It's been two years since Al Gore presented at TED about climate change. This presentation is not as tight or as smooth as his 2006 talk since he was doing this particular short version for the first time, but I enjoyed the talk even more as it seemed more natural and authentic in spite of its lack of polish. Indeed, it may have seemed more authentic, more human, because of its lack of polish. The great designers at Duarte Design did the updated visuals, of course, but I think Al changed the structure and flow of the talk all on his own (there was one text slide that went by pretty fast for example). I liked his story about the elder lady he told to illustrate how long he'd been in the public eye (that was a good laugh), and I thought his level of passion and urgency was higher and more "real" than in other talks I have seen by Al, including those in the documentary. Watch the talk below or on the TED site here (you can also post comments concerning the contents of his talk there).
All-n-all, I thought it was a very good presentation, but there are just a couple of things to point out that may help us improve our presentations.
• Do not apologize or imply (or admit) that you have not prepared enough for your specific audience. It may be true, and your apology may be coming from a very sincere, honest place (rather than just making an excuse), but it never comes across well to an audience. When Al said he'd "gobbled this [presentation] together" to stay within the time constraints, and quipped that he was trying to bring the bar of expectation down a bit before his talk, it reminded me that this is a mistake I have made several times before. I even did it recently (it just comes out sometimes). Our audience does not know that we did not prepare as much as we would have liked, so why mention it and get it in their head? "Man, he's right—he didn't prepare enough," they may say to themselves. The same goes for telling people you're nervous. "You didn't look nervous, but now that you mention it..." Instead, start your talk with a simple thank you and begin the conversation. It was not a big deal in Al's case, but you and I are not a well-known and popular public figure.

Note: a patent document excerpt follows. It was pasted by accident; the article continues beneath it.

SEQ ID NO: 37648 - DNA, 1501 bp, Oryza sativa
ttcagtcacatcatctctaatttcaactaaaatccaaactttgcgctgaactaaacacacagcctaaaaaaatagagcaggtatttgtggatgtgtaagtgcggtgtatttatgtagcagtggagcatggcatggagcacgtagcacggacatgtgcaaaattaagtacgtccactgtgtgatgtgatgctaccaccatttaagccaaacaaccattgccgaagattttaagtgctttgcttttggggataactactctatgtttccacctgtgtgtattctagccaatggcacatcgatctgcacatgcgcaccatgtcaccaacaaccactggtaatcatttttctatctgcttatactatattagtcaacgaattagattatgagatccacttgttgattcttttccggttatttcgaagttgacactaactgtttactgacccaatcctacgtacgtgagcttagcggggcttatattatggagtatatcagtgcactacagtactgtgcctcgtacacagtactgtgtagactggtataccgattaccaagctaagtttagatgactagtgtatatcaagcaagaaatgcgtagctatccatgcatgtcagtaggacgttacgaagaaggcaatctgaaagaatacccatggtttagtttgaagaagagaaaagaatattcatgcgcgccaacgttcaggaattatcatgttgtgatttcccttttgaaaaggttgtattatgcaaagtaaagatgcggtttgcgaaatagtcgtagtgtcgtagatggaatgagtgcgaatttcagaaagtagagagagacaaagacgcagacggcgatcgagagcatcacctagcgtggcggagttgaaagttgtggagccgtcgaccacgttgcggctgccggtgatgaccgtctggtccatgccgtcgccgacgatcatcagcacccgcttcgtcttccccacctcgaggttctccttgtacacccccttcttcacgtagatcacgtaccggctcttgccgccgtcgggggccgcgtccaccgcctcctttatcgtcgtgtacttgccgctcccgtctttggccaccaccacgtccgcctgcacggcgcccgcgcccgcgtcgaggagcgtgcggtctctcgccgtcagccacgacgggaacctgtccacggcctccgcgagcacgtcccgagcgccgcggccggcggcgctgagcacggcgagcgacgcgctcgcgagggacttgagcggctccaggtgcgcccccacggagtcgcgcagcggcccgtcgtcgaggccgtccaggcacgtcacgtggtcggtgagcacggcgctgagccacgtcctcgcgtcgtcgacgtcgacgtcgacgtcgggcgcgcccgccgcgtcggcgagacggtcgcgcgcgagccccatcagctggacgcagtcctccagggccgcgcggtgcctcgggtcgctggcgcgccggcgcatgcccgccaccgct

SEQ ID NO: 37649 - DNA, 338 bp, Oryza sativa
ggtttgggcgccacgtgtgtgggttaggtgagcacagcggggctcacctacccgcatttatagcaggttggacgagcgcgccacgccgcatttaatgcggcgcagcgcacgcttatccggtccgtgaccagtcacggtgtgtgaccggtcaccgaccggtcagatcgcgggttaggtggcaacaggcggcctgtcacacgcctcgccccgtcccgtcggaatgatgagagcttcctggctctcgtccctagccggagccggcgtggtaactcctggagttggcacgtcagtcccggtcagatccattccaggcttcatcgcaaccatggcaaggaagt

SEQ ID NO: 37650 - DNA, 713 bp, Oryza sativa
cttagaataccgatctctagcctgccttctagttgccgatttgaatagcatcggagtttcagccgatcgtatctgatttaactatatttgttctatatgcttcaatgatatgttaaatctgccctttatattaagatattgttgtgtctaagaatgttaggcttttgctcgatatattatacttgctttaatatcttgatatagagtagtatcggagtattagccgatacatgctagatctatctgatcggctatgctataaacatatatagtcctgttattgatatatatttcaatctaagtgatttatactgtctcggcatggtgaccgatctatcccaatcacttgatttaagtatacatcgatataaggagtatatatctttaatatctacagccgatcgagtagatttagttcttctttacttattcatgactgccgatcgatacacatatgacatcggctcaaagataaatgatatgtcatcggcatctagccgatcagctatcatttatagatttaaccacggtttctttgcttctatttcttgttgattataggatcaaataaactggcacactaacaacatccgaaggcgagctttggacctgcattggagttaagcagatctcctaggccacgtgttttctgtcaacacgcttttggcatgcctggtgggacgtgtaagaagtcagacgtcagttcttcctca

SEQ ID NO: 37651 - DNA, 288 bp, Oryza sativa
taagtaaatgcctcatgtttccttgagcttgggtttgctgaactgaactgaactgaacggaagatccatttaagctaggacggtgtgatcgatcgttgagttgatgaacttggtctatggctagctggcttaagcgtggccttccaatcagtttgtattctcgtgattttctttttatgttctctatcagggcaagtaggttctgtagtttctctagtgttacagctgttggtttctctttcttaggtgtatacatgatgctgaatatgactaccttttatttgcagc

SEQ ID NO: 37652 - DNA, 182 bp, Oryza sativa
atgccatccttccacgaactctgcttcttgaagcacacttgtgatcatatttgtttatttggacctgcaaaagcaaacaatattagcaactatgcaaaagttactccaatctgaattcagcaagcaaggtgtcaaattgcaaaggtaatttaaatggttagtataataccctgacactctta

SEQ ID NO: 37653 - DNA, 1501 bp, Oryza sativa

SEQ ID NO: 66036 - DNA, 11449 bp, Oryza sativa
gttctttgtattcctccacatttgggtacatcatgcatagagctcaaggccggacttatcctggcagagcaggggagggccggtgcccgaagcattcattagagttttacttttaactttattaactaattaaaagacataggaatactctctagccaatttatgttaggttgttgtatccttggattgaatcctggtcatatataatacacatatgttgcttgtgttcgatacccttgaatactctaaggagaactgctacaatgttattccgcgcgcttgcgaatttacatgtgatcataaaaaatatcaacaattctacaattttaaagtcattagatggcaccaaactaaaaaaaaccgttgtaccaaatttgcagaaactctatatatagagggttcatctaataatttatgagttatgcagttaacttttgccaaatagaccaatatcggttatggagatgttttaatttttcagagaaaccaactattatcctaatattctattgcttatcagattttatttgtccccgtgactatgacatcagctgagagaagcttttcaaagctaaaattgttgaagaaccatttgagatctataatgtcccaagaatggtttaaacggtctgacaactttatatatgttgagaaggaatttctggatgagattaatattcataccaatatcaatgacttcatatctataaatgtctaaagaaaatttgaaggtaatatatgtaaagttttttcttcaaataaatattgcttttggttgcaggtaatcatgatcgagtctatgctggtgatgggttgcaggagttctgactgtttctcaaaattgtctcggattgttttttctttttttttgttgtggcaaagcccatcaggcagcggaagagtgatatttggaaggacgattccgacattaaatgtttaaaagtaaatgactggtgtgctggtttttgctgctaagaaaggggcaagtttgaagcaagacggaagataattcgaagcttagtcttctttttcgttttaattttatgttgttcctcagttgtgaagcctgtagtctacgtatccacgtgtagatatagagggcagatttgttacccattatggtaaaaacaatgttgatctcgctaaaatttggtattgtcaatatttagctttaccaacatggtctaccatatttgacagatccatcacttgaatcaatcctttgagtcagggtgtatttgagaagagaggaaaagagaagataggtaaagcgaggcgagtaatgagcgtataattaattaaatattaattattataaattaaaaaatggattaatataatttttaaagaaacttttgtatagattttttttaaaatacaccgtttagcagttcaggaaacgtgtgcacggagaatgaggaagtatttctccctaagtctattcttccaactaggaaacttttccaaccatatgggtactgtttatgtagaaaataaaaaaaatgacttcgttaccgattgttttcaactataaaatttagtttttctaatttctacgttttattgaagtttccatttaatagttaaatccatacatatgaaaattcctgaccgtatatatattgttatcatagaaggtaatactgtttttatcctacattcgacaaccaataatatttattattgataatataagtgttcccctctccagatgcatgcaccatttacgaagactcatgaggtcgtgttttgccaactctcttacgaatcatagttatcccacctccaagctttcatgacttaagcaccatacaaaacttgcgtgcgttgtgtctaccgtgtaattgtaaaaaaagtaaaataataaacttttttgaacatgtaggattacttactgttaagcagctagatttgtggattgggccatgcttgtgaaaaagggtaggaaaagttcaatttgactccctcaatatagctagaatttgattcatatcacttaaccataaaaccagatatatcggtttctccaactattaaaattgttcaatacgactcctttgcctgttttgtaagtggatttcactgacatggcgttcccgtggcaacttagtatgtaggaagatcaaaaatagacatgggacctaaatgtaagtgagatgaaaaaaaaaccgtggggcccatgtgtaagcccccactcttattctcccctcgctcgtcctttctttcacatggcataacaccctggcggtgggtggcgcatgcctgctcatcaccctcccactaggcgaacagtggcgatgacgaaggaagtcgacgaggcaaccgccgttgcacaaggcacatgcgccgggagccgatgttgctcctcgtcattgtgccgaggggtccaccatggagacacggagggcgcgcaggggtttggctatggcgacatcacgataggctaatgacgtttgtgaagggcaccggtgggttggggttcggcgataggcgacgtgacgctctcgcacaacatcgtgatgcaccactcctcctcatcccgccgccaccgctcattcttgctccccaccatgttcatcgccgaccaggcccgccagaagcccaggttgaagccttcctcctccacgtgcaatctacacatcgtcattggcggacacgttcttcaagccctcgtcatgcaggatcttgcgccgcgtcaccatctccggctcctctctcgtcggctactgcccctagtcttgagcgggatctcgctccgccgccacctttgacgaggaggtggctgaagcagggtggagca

• Do not turn your back on the audience. With monitors in front there is no need to turn your back except for the briefest of moments. I thought Al was at his best when he was not speaking in the direction of the slide. I would have liked to see him come out a little closer to the audience the way Dr. Taylor did in her talk. The monitor there makes it easy to do this and still know at all times what image is behind you. (I see that I made this same comment about Al almost two years ago.)
With the monitor in front mirroring the screen, it's possible to keep your attention in the direction of the audience to make stronger connections.
Your notebook can be your monitor if you have space in front, low and out of the way. Above is a pic from a talk I did two weeks ago in Tokyo. The MacBook was on a theatre chair in the first row. The VGA and audio cable were long enough to reach the podium inputs. (Larger photo on Flickr.)
Al Gore is a very experienced presenter by now; he certainly does not need my advice. But we can all get a little better a little bit at a time. Try getting away from the podium and refrain from turning your back in your next big talk and see if it doesn't make a difference. I bet you'll find a much higher degree of engagement with your audience and a more effective, powerful talk.
• Sample Al Gore slides from the Duarte Design Web site.